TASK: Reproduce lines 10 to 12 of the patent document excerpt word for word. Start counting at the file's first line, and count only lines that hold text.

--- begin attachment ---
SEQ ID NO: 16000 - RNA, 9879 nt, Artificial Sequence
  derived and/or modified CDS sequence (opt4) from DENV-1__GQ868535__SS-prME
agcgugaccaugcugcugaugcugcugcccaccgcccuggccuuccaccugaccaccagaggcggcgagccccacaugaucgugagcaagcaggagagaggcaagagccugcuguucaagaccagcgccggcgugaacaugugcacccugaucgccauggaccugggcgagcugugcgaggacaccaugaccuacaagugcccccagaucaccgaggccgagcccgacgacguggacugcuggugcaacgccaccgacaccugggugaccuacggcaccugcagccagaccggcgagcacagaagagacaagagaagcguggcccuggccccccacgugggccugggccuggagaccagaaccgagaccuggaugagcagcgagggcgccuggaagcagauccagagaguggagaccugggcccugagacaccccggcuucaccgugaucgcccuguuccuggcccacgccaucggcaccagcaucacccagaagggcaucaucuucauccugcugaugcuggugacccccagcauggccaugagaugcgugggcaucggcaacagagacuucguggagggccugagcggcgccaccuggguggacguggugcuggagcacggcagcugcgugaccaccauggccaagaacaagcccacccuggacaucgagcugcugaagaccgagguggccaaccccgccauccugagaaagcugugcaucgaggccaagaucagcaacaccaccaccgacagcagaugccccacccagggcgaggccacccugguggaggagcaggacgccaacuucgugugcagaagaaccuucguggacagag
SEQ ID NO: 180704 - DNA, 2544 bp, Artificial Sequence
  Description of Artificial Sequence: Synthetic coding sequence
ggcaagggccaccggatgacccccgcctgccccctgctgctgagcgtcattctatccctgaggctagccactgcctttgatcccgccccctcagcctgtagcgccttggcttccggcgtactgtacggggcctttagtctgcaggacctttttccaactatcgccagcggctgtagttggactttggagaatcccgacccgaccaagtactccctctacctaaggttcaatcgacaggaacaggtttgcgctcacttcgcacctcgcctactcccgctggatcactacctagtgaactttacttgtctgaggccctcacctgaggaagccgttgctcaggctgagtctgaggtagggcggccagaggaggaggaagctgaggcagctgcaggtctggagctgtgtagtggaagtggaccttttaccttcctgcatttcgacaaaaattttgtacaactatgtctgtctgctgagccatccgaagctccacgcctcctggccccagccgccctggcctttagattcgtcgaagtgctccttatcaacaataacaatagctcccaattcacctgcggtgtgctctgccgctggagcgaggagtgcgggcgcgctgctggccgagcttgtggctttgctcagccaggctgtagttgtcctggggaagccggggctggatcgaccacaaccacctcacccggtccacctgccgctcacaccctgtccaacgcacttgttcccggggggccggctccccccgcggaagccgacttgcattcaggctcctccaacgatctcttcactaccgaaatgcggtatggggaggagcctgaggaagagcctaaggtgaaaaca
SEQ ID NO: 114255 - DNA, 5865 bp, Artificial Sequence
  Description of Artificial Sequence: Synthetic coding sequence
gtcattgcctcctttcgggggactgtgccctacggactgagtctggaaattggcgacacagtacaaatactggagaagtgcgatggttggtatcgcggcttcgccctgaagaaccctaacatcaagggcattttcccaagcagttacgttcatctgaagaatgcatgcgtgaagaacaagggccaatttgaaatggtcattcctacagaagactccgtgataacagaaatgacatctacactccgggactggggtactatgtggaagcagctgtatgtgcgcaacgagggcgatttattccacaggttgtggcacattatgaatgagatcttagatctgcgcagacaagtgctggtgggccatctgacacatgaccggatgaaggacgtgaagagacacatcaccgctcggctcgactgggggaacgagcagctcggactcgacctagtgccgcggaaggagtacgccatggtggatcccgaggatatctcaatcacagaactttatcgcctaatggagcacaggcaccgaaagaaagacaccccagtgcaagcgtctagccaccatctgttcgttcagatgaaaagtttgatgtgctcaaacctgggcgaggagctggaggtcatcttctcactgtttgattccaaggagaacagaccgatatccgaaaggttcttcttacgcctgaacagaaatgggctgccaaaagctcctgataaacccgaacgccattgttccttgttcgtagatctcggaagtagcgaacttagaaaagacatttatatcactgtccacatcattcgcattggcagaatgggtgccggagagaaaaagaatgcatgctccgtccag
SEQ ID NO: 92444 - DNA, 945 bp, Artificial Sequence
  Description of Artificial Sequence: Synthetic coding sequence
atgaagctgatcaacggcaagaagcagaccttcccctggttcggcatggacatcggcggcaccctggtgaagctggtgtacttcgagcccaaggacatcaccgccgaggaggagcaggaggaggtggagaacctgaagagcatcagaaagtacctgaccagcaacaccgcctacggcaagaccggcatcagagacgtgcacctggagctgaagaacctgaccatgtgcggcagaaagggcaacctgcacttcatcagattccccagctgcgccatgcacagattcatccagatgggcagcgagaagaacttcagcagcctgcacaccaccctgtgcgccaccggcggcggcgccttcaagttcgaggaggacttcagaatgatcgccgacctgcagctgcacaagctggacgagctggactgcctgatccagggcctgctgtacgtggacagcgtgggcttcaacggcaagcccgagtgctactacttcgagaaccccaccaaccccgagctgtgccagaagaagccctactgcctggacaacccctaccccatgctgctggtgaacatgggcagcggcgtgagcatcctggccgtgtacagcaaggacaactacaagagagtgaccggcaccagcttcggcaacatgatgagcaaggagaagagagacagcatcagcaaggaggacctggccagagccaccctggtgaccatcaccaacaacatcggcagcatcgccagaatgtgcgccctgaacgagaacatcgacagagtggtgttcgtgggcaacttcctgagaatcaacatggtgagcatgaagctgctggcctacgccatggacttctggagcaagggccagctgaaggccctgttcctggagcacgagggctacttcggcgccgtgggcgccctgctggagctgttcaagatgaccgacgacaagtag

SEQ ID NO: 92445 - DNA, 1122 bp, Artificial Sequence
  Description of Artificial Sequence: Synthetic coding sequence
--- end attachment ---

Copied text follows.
SEQ ID NO: 92444 - DNA, 945 bp, Artificial Sequence
  Description of Artificial Sequence: Synthetic coding sequence
atgaagctgatcaacggcaagaagcagaccttcccctggttcggcatggacatcggcggcaccctggtgaagctggtgtacttcgagcccaaggacatcaccgccgaggaggagcaggaggaggtggagaacctgaagagcatcagaaagtacctgaccagcaacaccgcctacggcaagaccggcatcagagacgtgcacctggagctgaagaacctgaccatgtgcggcagaaagggcaacctgcacttcatcagattccccagctgcgccatgcacagattcatccagatgggcagcgagaagaacttcagcagcctgcacaccaccctgtgcgccaccggcggcggcgccttcaagttcgaggaggacttcagaatgatcgccgacctgcagctgcacaagctggacgagctggactgcctgatccagggcctgctgtacgtggacagcgtgggcttcaacggcaagcccgagtgctactacttcgagaaccccaccaaccccgagctgtgccagaagaagccctactgcctggacaacccctaccccatgctgctggtgaacatgggcagcggcgtgagcatcctggccgtgtacagcaaggacaactacaagagagtgaccggcaccagcttcggcaacatgatgagcaaggagaagagagacagcatcagcaaggaggacctggccagagccaccctggtgaccatcaccaacaacatcggcagcatcgccagaatgtgcgccctgaacgagaacatcgacagagtggtgttcgtgggcaacttcctgagaatcaacatggtgagcatgaagctgctggcctacgccatggacttctggagcaagggccagctgaaggccctgttcctggagcacgagggctacttcggcgccgtgggcgccctgctggagctgttcaagatgaccgacgacaagtag